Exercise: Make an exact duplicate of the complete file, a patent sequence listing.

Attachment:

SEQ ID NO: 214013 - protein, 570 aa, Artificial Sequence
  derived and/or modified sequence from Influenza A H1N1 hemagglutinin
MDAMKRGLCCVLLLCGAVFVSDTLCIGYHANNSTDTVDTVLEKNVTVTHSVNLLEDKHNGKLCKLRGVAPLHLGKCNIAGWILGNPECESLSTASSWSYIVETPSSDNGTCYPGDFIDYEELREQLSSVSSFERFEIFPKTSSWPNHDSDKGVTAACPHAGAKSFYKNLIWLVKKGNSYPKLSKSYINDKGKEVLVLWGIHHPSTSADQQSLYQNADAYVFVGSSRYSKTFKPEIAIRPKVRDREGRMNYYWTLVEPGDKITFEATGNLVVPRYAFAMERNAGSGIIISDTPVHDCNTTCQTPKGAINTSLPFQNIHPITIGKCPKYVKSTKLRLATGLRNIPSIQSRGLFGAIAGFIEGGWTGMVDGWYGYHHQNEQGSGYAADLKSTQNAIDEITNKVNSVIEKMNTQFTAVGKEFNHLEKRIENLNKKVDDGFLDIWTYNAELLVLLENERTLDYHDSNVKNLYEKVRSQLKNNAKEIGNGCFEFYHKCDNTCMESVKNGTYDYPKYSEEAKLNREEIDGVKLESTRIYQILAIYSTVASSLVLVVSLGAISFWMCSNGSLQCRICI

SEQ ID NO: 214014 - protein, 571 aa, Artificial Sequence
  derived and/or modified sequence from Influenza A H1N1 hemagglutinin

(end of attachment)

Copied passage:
SEQ ID NO: 214013 - protein, 570 aa, Artificial Sequence
  derived and/or modified sequence from Influenza A H1N1 hemagglutinin
MDAMKRGLCCVLLLCGAVFVSDTLCIGYHANNSTDTVDTVLEKNVTVTHSVNLLEDKHNGKLCKLRGVAPLHLGKCNIAGWILGNPECESLSTASSWSYIVETPSSDNGTCYPGDFIDYEELREQLSSVSSFERFEIFPKTSSWPNHDSDKGVTAACPHAGAKSFYKNLIWLVKKGNSYPKLSKSYINDKGKEVLVLWGIHHPSTSADQQSLYQNADAYVFVGSSRYSKTFKPEIAIRPKVRDREGRMNYYWTLVEPGDKITFEATGNLVVPRYAFAMERNAGSGIIISDTPVHDCNTTCQTPKGAINTSLPFQNIHPITIGKCPKYVKSTKLRLATGLRNIPSIQSRGLFGAIAGFIEGGWTGMVDGWYGYHHQNEQGSGYAADLKSTQNAIDEITNKVNSVIEKMNTQFTAVGKEFNHLEKRIENLNKKVDDGFLDIWTYNAELLVLLENERTLDYHDSNVKNLYEKVRSQLKNNAKEIGNGCFEFYHKCDNTCMESVKNGTYDYPKYSEEAKLNREEIDGVKLESTRIYQILAIYSTVASSLVLVVSLGAISFWMCSNGSLQCRICI

SEQ ID NO: 214014 - protein, 571 aa, Artificial Sequence
  derived and/or modified sequence from Influenza A H1N1 hemagglutinin